Harold Hill: A People's History
This history project was written at the turn of the millennium. Mostly constructed from interviews and the archive of the Romford Recorder and Romford Times, it aims to tell a story of the Harold Hill housing estate in outer east London from the 1940s to the 1980s. This covers the period from its construction as an LCC “out-county” housing development up until the Right to Buy.
Other sources include the local history archive at Romford library and the Pelling Collection at the University of London.
Many of the people interviewed for this project have now passed away, and the historical characters mentioned are two or three generations removed from the current residents. Some are still remembered, but others are mostly forgotten.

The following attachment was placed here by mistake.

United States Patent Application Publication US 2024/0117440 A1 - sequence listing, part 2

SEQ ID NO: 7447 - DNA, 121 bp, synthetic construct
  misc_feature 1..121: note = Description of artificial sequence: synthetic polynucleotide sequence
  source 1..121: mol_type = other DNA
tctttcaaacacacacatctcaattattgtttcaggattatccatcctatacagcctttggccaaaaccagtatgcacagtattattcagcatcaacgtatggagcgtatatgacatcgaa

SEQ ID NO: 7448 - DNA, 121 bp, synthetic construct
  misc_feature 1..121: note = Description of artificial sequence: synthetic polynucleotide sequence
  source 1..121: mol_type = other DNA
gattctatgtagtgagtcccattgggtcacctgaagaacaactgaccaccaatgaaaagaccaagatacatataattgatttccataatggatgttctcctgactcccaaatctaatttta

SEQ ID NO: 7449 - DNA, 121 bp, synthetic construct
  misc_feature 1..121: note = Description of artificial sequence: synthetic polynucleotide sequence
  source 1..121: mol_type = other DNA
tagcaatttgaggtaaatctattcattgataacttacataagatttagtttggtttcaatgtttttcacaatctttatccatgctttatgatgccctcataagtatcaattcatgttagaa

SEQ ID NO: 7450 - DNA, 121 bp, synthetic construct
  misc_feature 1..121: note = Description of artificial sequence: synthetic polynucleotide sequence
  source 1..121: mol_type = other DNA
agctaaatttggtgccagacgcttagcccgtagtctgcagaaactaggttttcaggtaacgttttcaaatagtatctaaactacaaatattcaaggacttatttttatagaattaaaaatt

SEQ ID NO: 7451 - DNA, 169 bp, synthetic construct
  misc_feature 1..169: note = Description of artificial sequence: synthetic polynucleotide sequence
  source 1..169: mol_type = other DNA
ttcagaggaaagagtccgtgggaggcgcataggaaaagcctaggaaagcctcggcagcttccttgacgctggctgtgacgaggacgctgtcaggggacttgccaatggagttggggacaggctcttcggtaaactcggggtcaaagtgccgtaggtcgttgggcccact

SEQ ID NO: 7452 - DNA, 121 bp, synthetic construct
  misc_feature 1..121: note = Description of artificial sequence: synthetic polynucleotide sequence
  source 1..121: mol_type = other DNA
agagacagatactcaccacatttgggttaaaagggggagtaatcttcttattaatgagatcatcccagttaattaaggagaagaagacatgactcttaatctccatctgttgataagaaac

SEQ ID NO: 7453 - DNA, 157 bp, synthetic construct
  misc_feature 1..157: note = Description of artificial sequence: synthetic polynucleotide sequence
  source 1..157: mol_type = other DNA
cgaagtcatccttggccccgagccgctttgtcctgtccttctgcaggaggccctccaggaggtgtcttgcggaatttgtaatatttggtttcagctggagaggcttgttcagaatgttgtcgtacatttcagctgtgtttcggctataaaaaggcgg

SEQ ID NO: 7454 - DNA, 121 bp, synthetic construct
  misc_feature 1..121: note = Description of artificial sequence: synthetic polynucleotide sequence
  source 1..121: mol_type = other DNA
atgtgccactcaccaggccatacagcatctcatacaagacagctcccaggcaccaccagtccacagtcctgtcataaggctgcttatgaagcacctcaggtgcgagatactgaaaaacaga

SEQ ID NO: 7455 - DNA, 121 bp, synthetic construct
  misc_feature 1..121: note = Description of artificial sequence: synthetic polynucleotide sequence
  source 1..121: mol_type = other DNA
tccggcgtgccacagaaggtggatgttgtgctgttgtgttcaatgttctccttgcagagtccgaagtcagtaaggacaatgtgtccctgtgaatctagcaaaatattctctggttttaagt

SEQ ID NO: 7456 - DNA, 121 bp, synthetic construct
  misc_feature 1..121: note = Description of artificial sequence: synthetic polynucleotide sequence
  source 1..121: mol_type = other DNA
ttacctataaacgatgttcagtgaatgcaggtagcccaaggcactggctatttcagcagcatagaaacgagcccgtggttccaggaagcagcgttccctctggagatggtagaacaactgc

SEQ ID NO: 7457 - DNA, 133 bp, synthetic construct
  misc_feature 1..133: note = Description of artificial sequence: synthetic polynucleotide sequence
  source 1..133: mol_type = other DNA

The 20 years from the late 1990s onwards were not, for various reasons, a particularly good period in Harold Hill’s history. But the estate is changing. Harold Hill is now a mixed community with different languages and races. I welcome this change. The opening of Crossrail, which runs to nearby Harold Wood directly into central London, will bring further transformation.
Written 20 years ago, I enjoyed working on this project and that shows in the text. It’s a celebration of working class class life and living. At 50k words, it’s a large read, so I’ve broken it down into readable chunks. The site is designed to be read linear or non-linearly. You can read the whole thing from start to finish, or you can dip in and out of the various sections.
Andrew Walpole, March 2023